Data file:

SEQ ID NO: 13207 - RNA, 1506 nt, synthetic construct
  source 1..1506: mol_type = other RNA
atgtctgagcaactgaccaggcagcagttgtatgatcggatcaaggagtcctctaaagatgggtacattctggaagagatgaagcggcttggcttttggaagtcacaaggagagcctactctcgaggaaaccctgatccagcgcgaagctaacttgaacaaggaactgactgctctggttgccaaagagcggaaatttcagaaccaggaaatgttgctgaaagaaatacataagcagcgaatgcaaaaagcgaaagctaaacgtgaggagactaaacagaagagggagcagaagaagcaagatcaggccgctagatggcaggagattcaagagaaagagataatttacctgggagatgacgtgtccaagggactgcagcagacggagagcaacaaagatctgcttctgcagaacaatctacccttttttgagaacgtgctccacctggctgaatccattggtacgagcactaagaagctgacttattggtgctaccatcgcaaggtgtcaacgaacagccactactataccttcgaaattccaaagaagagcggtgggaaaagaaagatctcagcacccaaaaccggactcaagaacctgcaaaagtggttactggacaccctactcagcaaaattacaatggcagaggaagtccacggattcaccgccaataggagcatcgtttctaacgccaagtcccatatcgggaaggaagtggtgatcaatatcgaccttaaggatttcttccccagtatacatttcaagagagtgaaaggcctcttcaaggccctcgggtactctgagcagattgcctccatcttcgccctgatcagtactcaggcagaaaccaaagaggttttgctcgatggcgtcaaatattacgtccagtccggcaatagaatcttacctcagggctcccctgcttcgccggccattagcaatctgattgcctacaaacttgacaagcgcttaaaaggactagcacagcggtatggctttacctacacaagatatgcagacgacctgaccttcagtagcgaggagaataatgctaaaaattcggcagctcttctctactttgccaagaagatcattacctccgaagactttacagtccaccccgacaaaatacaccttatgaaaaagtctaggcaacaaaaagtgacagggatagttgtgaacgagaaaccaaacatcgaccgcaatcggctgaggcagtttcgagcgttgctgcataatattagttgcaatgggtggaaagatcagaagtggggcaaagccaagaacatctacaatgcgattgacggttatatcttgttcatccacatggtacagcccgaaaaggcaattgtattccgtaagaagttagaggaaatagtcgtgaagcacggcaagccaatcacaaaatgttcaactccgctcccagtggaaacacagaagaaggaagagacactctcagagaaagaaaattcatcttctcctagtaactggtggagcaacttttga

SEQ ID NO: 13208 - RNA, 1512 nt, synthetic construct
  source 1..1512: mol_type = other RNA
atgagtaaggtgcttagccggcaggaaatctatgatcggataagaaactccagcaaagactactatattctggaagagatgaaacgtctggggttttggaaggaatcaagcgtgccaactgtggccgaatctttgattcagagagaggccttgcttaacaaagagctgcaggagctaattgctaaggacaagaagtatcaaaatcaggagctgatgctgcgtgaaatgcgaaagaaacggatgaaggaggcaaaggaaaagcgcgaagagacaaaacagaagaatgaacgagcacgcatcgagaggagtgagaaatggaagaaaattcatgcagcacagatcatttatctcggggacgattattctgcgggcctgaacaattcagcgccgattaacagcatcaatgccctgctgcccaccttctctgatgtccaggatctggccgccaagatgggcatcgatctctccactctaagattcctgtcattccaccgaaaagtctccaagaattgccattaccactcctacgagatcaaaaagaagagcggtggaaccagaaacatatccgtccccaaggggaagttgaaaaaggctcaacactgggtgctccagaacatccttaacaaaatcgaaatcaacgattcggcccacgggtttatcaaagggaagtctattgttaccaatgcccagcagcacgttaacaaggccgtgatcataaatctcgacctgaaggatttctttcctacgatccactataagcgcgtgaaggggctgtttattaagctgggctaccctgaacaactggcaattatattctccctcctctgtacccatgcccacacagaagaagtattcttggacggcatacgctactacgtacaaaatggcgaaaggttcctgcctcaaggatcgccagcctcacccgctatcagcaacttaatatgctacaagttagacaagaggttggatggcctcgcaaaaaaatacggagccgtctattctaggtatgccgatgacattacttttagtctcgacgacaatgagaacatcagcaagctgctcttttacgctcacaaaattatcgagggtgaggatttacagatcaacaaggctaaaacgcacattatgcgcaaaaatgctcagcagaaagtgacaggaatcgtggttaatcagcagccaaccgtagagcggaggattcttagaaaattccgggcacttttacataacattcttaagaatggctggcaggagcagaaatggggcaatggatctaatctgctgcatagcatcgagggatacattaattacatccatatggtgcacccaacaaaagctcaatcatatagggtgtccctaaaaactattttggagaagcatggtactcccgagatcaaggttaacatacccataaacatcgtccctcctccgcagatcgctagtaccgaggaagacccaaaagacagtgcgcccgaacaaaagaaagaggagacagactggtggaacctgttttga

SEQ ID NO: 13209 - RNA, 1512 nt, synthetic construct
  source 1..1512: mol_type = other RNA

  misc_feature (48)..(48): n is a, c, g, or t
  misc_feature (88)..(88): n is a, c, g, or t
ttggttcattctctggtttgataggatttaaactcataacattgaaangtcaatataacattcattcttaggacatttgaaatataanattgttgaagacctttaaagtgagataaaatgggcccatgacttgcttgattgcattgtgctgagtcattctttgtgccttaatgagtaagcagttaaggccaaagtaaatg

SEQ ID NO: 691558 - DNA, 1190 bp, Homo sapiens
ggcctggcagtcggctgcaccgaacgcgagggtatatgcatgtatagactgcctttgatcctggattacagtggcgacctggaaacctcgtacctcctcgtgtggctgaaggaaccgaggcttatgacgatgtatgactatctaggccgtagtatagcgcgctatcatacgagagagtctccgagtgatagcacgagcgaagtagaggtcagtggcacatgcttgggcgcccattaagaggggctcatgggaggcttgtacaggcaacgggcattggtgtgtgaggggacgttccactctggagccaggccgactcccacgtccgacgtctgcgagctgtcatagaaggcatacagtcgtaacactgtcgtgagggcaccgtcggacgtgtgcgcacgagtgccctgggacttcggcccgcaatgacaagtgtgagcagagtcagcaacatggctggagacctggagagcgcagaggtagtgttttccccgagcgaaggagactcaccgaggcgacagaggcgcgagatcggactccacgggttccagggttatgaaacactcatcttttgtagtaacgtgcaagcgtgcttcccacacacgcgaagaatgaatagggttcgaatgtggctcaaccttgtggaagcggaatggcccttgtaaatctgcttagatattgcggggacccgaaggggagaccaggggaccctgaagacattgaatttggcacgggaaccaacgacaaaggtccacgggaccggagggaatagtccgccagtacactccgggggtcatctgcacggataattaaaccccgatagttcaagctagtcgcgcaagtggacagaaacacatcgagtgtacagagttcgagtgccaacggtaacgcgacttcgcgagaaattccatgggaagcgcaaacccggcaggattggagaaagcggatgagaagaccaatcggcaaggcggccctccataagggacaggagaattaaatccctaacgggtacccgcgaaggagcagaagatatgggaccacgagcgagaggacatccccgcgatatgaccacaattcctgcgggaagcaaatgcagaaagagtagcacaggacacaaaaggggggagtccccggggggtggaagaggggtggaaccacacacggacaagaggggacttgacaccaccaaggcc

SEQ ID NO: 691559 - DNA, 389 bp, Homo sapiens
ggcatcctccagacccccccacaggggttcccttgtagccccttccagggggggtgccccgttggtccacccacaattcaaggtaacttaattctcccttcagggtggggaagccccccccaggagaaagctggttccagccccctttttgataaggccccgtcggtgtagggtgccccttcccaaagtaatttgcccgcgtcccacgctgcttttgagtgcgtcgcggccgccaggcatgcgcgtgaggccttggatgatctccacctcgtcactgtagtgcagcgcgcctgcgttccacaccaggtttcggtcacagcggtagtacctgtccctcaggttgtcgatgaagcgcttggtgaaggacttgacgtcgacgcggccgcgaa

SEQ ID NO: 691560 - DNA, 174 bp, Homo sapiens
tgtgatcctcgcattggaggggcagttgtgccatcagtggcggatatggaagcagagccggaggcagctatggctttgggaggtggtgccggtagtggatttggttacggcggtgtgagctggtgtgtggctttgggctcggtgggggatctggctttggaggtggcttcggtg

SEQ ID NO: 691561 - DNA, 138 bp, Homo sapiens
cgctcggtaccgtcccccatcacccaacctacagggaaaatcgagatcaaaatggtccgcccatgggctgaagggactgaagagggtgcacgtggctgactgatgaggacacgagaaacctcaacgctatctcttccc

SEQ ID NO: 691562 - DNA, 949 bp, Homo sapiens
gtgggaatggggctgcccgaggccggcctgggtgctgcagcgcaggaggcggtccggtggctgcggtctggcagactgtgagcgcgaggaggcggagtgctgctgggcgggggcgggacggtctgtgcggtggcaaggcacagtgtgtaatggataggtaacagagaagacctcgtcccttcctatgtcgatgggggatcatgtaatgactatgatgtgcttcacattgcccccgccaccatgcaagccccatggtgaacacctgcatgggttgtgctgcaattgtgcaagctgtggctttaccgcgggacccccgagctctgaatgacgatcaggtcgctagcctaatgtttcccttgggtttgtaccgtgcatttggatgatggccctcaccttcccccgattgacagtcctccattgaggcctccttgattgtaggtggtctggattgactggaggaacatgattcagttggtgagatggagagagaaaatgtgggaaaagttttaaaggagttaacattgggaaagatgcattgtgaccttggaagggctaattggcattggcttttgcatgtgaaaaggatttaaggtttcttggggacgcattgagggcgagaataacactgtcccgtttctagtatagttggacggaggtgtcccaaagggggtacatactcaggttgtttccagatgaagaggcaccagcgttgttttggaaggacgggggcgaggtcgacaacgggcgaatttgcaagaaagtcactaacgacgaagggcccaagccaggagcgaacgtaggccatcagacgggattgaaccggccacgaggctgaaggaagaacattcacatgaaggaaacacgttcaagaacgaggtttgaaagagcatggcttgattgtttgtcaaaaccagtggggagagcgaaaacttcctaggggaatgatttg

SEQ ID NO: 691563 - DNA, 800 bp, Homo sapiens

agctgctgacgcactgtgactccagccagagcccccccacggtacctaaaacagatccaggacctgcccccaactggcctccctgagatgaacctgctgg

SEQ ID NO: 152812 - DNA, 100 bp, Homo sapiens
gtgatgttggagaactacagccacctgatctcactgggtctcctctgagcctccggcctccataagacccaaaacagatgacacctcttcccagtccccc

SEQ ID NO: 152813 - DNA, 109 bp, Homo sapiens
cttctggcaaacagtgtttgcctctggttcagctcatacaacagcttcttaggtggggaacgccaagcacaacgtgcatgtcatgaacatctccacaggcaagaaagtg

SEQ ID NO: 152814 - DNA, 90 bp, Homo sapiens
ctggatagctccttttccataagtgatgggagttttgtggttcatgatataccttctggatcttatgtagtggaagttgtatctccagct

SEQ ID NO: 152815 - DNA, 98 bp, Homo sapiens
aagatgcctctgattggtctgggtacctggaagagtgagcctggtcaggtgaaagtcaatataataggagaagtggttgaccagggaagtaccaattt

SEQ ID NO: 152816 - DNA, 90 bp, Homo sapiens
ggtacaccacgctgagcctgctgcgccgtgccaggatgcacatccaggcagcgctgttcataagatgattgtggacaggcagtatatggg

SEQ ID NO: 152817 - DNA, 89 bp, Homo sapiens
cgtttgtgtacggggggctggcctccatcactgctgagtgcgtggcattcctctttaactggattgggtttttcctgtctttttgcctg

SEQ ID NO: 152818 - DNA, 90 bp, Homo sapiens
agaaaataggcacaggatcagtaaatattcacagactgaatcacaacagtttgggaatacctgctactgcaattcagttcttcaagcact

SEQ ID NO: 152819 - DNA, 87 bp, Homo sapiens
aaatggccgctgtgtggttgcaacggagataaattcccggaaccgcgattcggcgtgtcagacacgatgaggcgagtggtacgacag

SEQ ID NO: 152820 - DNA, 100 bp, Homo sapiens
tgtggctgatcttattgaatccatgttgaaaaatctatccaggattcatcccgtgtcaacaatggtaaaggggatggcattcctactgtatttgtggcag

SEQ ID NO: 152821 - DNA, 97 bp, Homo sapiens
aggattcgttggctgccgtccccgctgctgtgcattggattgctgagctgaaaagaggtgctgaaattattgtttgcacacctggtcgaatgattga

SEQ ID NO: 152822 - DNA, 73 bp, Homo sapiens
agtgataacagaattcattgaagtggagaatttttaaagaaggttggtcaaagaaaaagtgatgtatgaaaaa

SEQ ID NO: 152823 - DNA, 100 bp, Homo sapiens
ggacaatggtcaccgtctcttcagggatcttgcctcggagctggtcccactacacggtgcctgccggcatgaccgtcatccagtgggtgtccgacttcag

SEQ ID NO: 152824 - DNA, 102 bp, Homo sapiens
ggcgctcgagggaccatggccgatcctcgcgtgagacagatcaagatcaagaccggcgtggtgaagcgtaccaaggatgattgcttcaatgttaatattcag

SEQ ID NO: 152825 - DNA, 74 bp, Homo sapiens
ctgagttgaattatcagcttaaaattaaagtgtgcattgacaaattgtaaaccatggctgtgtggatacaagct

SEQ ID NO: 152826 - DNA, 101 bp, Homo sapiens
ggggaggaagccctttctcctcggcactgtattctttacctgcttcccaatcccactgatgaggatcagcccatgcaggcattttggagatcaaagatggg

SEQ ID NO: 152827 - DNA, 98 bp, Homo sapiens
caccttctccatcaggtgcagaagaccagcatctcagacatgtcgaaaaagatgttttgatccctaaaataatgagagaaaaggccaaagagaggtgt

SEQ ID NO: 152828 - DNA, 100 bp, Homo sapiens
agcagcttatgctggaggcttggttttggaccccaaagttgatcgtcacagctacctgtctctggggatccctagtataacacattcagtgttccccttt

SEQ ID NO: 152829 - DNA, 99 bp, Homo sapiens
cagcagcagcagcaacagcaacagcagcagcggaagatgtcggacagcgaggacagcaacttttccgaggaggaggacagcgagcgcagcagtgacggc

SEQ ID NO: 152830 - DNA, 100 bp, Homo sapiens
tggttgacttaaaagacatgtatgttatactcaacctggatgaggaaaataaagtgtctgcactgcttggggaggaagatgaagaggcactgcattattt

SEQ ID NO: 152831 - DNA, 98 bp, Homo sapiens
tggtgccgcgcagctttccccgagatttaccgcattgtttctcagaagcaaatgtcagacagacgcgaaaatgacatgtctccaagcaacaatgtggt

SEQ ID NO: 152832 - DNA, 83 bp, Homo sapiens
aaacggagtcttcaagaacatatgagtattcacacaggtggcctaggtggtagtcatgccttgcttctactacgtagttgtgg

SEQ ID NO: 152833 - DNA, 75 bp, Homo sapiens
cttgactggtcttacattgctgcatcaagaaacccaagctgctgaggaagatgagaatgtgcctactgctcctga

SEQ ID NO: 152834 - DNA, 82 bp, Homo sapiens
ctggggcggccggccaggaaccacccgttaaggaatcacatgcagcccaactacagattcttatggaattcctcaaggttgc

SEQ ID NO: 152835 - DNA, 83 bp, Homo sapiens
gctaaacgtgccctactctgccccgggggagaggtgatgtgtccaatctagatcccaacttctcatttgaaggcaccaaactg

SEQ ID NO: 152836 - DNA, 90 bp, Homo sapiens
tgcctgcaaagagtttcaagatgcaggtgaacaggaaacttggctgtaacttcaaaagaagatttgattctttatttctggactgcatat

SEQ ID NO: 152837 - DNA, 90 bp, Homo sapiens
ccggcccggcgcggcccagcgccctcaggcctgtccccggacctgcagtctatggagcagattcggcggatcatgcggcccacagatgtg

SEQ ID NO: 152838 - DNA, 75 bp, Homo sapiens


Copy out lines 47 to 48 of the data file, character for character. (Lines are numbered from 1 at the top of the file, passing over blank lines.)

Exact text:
ggacaatggtcaccgtctcttcagggatcttgcctcggagctggtcccactacacggtgcctgccggcatgaccgtcatccagtgggtgtccgacttcag

SEQ ID NO: 152824 - DNA, 102 bp, Homo sapiens